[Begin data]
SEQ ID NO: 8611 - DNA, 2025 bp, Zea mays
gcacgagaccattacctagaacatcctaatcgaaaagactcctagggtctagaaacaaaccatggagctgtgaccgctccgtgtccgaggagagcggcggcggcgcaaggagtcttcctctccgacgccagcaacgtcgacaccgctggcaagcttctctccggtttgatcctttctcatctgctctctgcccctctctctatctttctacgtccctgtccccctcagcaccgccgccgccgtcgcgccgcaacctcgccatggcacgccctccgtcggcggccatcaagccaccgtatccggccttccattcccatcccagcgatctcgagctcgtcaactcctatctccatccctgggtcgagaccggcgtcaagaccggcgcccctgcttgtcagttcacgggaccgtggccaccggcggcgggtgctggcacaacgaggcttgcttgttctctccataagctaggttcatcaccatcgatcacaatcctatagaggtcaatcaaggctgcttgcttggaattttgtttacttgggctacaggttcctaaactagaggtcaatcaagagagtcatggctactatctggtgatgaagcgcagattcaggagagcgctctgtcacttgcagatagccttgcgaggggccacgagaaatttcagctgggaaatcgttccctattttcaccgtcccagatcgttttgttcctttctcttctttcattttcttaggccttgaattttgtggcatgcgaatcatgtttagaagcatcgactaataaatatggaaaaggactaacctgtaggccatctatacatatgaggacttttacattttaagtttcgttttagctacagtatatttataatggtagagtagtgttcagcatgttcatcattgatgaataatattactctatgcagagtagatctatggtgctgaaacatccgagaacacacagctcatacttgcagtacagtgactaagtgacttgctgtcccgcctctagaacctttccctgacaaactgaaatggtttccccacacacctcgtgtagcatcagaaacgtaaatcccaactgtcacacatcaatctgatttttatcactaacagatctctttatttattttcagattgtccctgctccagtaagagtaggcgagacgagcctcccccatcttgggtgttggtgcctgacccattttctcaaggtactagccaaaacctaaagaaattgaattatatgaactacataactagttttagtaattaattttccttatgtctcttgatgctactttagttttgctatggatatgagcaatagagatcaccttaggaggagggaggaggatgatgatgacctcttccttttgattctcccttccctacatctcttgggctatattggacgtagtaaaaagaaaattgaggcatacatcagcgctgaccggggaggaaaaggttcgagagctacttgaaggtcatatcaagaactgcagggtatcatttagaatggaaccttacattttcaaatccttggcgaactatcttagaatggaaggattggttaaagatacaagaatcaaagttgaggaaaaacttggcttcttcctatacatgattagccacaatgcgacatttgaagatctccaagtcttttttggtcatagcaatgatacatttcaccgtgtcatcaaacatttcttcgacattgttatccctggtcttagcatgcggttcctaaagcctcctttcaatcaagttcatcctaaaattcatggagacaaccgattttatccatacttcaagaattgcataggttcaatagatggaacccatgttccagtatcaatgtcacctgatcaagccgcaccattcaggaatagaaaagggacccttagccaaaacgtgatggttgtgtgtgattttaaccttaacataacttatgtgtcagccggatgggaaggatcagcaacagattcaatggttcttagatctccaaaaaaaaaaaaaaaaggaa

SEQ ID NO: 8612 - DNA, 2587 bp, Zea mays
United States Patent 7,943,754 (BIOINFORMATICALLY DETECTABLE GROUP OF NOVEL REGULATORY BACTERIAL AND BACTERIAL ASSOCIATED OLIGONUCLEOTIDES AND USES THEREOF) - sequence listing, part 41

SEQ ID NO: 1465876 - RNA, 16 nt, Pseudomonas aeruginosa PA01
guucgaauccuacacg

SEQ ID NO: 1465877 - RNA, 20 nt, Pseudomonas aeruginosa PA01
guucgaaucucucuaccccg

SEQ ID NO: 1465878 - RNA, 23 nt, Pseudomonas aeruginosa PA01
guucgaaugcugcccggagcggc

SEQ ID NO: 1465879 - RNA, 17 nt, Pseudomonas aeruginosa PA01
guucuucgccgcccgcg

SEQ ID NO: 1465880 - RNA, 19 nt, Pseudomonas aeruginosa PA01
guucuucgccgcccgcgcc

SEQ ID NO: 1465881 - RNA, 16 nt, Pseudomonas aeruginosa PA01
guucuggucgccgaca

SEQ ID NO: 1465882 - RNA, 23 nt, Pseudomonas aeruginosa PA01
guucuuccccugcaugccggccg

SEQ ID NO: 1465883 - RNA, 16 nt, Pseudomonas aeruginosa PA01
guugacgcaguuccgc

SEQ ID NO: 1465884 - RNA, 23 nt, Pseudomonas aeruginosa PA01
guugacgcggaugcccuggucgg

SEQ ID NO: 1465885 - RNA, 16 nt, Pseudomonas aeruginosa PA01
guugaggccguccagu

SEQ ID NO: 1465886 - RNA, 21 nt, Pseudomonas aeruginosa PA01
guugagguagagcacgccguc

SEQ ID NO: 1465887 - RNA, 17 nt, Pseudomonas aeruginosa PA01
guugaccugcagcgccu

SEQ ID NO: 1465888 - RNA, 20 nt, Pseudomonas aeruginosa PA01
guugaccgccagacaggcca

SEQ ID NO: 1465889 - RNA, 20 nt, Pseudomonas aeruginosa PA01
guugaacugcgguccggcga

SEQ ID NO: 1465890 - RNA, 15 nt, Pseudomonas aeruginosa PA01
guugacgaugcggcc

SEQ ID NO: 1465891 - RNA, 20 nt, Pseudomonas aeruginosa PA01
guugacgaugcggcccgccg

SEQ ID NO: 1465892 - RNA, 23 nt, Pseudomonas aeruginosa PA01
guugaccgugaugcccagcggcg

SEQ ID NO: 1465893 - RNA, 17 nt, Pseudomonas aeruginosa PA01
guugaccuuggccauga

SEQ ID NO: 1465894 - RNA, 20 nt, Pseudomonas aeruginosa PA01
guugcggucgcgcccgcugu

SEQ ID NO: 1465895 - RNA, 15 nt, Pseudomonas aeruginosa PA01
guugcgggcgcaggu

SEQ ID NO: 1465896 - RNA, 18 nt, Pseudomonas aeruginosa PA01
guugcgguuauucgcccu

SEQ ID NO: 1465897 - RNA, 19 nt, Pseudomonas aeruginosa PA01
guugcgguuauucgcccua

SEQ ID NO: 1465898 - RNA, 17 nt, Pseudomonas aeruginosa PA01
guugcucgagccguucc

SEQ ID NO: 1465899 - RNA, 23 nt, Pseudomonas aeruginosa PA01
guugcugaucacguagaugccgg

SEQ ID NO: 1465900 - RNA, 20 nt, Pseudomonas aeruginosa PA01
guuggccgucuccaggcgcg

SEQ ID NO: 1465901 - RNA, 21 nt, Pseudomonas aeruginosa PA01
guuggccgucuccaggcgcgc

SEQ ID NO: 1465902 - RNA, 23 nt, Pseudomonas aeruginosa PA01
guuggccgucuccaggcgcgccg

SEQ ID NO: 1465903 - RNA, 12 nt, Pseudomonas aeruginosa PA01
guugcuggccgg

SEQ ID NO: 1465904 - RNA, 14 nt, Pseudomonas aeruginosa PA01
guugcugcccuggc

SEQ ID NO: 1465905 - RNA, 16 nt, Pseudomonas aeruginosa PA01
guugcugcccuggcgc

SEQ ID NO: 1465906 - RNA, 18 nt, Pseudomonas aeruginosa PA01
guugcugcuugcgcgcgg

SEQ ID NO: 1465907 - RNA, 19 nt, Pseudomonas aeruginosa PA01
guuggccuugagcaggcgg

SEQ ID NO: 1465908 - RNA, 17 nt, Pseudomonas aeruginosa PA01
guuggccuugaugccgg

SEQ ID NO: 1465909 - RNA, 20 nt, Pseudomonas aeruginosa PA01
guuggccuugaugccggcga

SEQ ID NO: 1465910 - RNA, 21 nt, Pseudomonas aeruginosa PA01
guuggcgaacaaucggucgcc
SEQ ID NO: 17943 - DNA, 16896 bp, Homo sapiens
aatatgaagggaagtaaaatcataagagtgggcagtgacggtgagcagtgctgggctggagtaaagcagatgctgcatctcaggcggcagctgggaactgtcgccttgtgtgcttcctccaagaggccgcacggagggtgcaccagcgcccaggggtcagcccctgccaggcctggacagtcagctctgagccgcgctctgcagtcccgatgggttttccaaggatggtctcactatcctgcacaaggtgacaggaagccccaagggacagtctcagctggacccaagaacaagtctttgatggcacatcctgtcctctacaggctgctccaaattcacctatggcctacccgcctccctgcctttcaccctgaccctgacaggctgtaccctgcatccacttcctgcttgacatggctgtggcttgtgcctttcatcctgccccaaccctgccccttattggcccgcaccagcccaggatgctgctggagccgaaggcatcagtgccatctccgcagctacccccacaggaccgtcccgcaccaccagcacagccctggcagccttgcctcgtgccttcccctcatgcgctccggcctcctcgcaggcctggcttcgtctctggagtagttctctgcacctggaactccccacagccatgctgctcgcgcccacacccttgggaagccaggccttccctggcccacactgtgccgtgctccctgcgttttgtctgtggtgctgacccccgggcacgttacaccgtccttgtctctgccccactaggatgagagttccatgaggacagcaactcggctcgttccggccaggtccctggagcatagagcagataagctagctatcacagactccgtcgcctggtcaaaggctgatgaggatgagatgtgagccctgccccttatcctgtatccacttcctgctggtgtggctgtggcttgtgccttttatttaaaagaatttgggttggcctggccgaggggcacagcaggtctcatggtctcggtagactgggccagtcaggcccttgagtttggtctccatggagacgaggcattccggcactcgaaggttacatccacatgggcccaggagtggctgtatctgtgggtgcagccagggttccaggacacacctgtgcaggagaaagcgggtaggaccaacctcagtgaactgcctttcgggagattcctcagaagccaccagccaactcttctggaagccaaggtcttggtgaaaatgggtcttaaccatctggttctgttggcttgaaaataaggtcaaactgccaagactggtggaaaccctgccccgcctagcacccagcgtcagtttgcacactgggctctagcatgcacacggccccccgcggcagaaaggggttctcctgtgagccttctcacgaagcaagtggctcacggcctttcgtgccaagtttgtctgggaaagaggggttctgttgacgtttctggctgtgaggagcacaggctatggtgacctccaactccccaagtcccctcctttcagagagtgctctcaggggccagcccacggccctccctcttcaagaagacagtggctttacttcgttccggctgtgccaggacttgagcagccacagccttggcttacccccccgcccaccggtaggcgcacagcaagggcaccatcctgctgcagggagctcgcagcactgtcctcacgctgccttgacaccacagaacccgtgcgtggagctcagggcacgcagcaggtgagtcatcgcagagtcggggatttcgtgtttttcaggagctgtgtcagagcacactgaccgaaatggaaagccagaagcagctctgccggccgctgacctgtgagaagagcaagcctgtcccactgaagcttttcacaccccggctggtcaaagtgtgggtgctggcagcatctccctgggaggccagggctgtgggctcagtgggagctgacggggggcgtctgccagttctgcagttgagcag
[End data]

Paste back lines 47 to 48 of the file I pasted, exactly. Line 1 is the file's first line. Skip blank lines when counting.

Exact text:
SEQ ID NO: 1465897 - RNA, 19 nt, Pseudomonas aeruginosa PA01
guugcgguuauucgcccua